The quality of mercy is not strain’d,
It droppeth as the gentle rain from heaven
Upon the place beneath: it is twice blest;
It blesseth him that gives and him that takes:
‘Tis mightiest in the mightiest: it becomes
The throned monarch better than his crown;
His sceptre shows the force of temporal power,
The attribute to awe and majesty,
Wherein doth sit the dread and fear of kings;
But mercy is above this sceptred sway;
It is enthroned in the heart of kings,
It is an attribute to God himself;
And earthly power doth then show likest God’s
When mercy seasons justice.
-- William Shakespeare, The Merchant of Venice
When I first learned that Osama bin Laden had been killed by a United States military team, I felt...surprised. Bin Laden has been such a shadowy figure for so long that I suppose it didn't seem very real to me, to think that a military operation had been carried out successfully in such a cut and dried manner against someone who somehow seemed less than real. But there was no denying that news of his death was...good news, right?
I visited a few places--Facebook being one of them--and felt a little uneasy by the enthusiasm in some quarters for the news, especially for that enthusiasm as shown by fellow Catholics. Surely we could be glad that the terrorist mastermind of 9/11 has left this earth before committing any new crime of a comparable level without openly celebrating his killing, couldn't we?
The statement from the Vatican's spokeman seemed to strike the right note:
Osama bin Laden, as we all know, bore the most serious responsibility for spreading divisions and hatred among populations, causing the deaths of innumerable people, and manipulating religions for this purpose.A far cry, this measured, reflective tone, from some other things I saw here and there on the Catholic blogosphere which seemed to rejoice in Osama bin Laden's death, and which actually credited either yesterday's celebration of Divine Mercy Sunday, or the newly Blessed Pope John Paul II, with the success of the operation in killing the terrorist mastermind. Two things come to mind: one, that yesterday was Divine Mercy Sunday, and that no one living could survive "Divine Justice Sunday" should God ever decide to hold such a day; and two, that the author of Evangelium Vitae--the Gospel of Life--might admit sorrowfully that the death of an aggressor who could not be safely captured might be necessary, but would never celebrate such a fact.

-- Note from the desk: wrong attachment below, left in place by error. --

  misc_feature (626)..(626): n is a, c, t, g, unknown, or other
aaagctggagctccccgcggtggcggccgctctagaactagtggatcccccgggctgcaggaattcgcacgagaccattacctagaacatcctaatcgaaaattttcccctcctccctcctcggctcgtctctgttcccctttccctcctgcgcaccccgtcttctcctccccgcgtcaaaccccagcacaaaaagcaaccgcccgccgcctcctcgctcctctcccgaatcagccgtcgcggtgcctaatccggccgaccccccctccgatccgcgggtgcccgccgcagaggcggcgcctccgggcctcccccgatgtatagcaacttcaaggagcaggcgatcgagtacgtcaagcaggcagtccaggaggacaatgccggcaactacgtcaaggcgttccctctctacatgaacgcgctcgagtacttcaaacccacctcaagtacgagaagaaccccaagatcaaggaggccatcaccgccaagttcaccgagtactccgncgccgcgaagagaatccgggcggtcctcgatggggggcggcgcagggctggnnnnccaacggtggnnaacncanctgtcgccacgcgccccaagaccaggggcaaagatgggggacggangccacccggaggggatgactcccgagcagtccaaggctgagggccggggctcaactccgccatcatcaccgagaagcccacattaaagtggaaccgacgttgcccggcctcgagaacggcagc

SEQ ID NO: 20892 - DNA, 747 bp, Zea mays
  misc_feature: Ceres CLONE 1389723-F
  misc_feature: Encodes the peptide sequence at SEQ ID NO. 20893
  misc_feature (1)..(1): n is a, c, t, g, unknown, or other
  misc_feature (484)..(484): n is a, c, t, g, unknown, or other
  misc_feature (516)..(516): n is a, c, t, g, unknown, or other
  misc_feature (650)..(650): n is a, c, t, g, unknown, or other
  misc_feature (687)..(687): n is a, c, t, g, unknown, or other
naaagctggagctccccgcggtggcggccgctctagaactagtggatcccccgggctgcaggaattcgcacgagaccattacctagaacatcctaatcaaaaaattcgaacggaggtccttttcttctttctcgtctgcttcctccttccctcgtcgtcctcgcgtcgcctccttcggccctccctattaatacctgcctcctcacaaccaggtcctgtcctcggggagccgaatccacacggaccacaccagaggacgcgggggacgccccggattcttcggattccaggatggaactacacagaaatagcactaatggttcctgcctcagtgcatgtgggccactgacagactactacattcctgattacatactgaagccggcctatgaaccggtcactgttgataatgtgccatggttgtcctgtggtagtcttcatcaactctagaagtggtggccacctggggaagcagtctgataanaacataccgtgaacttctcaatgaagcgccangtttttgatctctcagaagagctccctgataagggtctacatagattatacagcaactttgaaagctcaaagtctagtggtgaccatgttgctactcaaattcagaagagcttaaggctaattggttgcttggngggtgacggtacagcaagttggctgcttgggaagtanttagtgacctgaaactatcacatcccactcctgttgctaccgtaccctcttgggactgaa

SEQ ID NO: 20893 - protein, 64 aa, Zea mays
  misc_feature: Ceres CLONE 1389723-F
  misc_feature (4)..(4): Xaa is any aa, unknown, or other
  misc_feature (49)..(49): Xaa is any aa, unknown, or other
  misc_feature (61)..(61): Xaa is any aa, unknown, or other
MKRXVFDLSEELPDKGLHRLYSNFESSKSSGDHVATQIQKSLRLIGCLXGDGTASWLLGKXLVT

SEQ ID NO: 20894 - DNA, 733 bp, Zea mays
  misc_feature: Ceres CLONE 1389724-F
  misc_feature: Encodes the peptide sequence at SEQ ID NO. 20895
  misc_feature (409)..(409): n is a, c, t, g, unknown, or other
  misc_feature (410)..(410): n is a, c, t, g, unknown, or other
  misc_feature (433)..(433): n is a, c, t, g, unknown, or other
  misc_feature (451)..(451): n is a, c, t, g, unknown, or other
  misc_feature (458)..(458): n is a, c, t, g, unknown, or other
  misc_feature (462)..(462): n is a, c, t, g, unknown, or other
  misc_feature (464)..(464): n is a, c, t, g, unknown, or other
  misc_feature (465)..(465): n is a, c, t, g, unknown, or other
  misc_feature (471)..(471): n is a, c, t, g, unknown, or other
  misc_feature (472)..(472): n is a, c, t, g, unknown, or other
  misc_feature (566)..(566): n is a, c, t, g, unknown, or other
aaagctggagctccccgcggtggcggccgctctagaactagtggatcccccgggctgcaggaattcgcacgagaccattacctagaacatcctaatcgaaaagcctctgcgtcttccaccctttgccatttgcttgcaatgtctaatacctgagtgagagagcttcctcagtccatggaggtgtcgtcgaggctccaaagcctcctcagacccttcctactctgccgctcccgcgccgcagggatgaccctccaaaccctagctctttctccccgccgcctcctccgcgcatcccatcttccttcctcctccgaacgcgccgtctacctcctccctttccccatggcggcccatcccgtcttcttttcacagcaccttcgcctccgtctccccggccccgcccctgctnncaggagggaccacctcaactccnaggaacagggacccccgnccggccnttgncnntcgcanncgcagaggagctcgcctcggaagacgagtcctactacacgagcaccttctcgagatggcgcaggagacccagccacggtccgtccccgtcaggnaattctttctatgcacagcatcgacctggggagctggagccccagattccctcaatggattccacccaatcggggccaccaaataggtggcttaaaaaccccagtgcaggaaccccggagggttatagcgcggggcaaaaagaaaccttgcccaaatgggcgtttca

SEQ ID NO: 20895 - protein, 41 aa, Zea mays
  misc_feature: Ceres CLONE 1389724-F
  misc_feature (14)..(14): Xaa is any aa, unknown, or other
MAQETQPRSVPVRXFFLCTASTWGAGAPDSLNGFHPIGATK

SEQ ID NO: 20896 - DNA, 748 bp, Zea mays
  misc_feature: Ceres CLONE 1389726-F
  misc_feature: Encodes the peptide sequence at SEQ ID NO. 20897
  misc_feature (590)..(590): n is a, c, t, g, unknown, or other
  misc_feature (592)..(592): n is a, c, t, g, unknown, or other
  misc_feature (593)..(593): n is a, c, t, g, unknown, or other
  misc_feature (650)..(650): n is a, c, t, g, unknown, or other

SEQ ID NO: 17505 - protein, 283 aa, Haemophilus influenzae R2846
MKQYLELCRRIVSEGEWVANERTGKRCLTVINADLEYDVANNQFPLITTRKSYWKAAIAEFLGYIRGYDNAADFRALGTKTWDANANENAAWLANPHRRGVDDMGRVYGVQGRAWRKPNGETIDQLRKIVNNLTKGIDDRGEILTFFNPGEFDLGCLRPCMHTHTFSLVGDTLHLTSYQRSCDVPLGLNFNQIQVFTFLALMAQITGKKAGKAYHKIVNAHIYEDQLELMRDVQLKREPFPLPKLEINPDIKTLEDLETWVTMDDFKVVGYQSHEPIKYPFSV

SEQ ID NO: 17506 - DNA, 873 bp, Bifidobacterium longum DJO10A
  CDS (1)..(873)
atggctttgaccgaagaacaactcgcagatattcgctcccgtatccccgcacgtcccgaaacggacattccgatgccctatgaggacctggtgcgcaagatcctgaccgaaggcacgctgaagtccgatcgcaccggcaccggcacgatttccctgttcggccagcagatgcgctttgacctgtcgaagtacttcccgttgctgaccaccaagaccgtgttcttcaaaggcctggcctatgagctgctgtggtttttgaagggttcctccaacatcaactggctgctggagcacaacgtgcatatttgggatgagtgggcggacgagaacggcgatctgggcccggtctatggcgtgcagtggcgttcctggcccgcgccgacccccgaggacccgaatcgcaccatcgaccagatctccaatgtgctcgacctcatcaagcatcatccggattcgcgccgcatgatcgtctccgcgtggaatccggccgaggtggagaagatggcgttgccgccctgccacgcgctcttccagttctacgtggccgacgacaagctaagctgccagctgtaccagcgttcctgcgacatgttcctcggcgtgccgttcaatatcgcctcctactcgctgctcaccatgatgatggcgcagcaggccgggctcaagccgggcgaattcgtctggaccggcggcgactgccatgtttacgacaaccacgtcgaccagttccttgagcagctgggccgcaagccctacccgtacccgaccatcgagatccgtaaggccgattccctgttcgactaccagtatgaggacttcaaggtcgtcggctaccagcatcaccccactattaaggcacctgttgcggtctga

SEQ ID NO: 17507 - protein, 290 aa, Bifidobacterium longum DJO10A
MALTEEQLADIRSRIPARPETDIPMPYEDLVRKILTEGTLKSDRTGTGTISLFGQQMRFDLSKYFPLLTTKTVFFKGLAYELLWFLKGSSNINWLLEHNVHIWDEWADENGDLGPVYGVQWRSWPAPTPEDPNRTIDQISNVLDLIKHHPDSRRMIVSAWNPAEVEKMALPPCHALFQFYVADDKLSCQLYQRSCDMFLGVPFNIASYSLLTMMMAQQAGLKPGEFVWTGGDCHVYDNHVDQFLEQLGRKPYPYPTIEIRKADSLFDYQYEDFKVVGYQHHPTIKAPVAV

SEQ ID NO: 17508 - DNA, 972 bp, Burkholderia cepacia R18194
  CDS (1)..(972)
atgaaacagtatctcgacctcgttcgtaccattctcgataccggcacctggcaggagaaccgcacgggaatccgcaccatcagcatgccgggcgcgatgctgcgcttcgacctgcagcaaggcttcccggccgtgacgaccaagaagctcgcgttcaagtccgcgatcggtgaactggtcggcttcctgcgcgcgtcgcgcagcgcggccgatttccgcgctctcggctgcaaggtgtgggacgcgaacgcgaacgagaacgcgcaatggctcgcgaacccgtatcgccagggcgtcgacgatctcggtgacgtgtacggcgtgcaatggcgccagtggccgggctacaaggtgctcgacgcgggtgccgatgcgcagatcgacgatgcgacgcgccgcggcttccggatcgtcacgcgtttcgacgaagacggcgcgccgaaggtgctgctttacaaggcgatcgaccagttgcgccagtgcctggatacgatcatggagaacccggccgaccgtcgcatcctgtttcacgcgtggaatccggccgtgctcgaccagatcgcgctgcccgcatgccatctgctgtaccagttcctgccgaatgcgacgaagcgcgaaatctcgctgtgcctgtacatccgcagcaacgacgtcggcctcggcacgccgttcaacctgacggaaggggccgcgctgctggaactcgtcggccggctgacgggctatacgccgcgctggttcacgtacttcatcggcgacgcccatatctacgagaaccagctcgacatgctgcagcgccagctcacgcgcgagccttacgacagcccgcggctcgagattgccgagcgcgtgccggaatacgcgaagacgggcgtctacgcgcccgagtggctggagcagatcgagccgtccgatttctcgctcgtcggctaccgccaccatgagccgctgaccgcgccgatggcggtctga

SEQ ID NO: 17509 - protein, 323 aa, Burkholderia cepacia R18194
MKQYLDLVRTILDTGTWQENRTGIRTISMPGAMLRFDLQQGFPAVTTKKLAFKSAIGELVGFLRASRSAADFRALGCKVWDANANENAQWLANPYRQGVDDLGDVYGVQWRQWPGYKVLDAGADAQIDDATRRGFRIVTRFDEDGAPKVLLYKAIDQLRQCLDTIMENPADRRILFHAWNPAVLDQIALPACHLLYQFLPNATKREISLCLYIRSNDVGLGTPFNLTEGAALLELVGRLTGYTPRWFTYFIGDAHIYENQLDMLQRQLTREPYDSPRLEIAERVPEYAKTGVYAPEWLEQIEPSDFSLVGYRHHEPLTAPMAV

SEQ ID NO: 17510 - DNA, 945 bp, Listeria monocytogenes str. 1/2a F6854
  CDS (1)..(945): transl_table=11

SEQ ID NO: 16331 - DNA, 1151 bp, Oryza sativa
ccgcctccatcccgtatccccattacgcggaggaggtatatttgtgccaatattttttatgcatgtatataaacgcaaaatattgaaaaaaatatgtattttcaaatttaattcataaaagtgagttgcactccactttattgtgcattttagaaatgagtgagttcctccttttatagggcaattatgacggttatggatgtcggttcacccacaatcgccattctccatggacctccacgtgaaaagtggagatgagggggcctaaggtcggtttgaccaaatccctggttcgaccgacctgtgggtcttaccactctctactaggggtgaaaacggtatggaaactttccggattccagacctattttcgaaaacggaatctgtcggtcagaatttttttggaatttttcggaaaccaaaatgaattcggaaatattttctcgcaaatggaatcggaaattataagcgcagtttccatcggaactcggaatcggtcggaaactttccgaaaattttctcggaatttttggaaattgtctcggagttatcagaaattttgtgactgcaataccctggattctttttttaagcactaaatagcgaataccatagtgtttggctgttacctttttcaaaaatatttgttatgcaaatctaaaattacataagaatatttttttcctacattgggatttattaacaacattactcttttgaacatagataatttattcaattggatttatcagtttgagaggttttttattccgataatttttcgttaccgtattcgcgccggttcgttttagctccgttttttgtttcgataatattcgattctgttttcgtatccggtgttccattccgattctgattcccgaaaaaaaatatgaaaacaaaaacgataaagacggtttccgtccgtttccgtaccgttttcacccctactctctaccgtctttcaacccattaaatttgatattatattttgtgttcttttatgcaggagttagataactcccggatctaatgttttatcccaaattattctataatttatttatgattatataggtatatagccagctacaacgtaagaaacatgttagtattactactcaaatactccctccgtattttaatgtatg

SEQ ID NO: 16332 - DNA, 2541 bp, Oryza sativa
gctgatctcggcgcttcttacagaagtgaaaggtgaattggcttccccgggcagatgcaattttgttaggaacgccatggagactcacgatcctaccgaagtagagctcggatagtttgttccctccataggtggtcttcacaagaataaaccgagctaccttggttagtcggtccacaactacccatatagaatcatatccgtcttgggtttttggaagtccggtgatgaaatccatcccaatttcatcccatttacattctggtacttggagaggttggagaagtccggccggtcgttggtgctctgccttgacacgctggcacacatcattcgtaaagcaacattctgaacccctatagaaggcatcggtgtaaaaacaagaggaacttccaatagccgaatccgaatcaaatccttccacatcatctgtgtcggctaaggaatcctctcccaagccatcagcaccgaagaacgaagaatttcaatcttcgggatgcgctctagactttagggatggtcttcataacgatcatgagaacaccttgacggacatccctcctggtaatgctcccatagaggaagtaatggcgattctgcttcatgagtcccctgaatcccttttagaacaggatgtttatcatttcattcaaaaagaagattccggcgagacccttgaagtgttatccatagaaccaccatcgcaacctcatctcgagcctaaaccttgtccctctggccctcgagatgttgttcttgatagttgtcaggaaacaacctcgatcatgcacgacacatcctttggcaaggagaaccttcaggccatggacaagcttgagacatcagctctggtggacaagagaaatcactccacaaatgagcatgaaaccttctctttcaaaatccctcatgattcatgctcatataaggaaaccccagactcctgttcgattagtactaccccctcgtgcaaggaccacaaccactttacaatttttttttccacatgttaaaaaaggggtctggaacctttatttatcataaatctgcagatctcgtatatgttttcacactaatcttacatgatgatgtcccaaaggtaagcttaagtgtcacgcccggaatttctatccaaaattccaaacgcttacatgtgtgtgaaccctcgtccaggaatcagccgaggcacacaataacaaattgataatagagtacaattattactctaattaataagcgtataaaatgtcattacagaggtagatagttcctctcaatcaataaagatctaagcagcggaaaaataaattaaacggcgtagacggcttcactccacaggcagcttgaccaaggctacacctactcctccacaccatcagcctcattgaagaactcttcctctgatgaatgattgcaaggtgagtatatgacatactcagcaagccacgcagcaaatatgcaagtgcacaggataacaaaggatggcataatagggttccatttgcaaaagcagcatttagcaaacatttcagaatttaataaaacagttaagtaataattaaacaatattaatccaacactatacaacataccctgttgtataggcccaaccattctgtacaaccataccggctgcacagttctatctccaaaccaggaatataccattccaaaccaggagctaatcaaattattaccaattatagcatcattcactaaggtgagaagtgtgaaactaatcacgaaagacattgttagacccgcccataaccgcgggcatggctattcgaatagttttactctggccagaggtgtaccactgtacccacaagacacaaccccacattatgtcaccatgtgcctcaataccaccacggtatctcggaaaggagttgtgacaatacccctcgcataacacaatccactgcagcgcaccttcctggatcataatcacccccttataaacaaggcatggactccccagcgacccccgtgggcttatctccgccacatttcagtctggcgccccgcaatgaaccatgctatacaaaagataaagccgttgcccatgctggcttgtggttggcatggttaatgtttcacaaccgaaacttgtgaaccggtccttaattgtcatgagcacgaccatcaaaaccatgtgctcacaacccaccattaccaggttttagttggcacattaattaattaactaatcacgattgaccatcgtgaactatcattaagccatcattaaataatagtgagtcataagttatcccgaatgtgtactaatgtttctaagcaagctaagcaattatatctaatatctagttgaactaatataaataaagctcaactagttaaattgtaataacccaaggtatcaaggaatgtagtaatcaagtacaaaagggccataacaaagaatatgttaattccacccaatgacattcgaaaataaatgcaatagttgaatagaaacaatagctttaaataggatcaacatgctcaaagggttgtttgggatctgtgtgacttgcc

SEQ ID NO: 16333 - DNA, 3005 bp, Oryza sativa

In the face of a man’s death, a Christian never rejoices, but reflects on the serious responsibilities of each person before God and before men, and hopes and works so that every event may be the occasion for the further growth of peace and not of hatred.
It is possible, though we will not know in this life, that Osama bin Laden was not beyond the reach of God's mercy; certainly the fact that he remained alive for so long after the events of Sept. 11, 2001 was a mercy in itself, since the increased amount of time was time for him to repent. If he did not avail himself of repentance--if he did not seek forgiveness--if he will reside for all eternity in the flames of Hell--that is not something to rejoice about, either. That fate awaits all of us who turn our backs on God and refuse to listen to Him, who spurn His repeated offers of that Divine Mercy without which none of us has any hope at all.
A few Catholic bloggers and writers have mentioned that they have prayed for bin Laden and those killed along with him (and, indeed, some of them may have been innocent of everything but relationship to an evil man, which is not always something one can do anything about). Some said such prayers came naturally; others admitted to struggling with the idea, which is perfectly understandable given the situation. It did not occur to me to pray for those killed until after I'd read those posts, but I did pray once I had read them--I prayed that the mercy I hope for myself would be extended to those who died yesterday, and that if by their own choices they were beyond the reach of redemption, that my prayers help other poor souls awaiting liberty from purgatory. It does not matter if that sort of thing doesn't come naturally to us; it only matters if there is some person for whom we would absolutely refuse to pray--because that refusal would mean real hatred, which is what would cause us actually to wish someone were in Hell and to refuse to pray that they were not beyond redemption.
It may be objected that Osama bin Laden's crimes against humanity already prove him beyond redemption. Blessed John Paul II wrote this, though, about the world's first murderer, the first man guilty of such a crime against the tiny handful of humanity then born:
And yet God, who is always merciful even when he punishes, "put a mark on Cain, lest any who came upon him should kill him" (Gen 4:15). He thus gave him a distinctive sign, not to condemn him to the hatred of others, but to protect and defend him from those wishing to kill him, even out of a desire to avenge Abel's death. Not even a murderer loses his personal dignity, and God himself pledges to guarantee this. And it is precisely here that the paradoxical mystery of the merciful justice of God is shown forth. (Evangelium Vitae, 9)It is justice that a murderer be stopped, even if stopping him ends up demanding the use of lethal force. But it is mercy to pray for his soul and the souls of those who perished with him, and further to pray for those tempted to commit acts of violence in retaliation, that they will heed the voice of God and turn from evil. And as we pray, so we hope that others will one day pray for us; as we cry to God for mercy even upon the soul of a man whose life was characterized by great evil, so we hope that others will shout for mercy for us when our days on this earth have ended.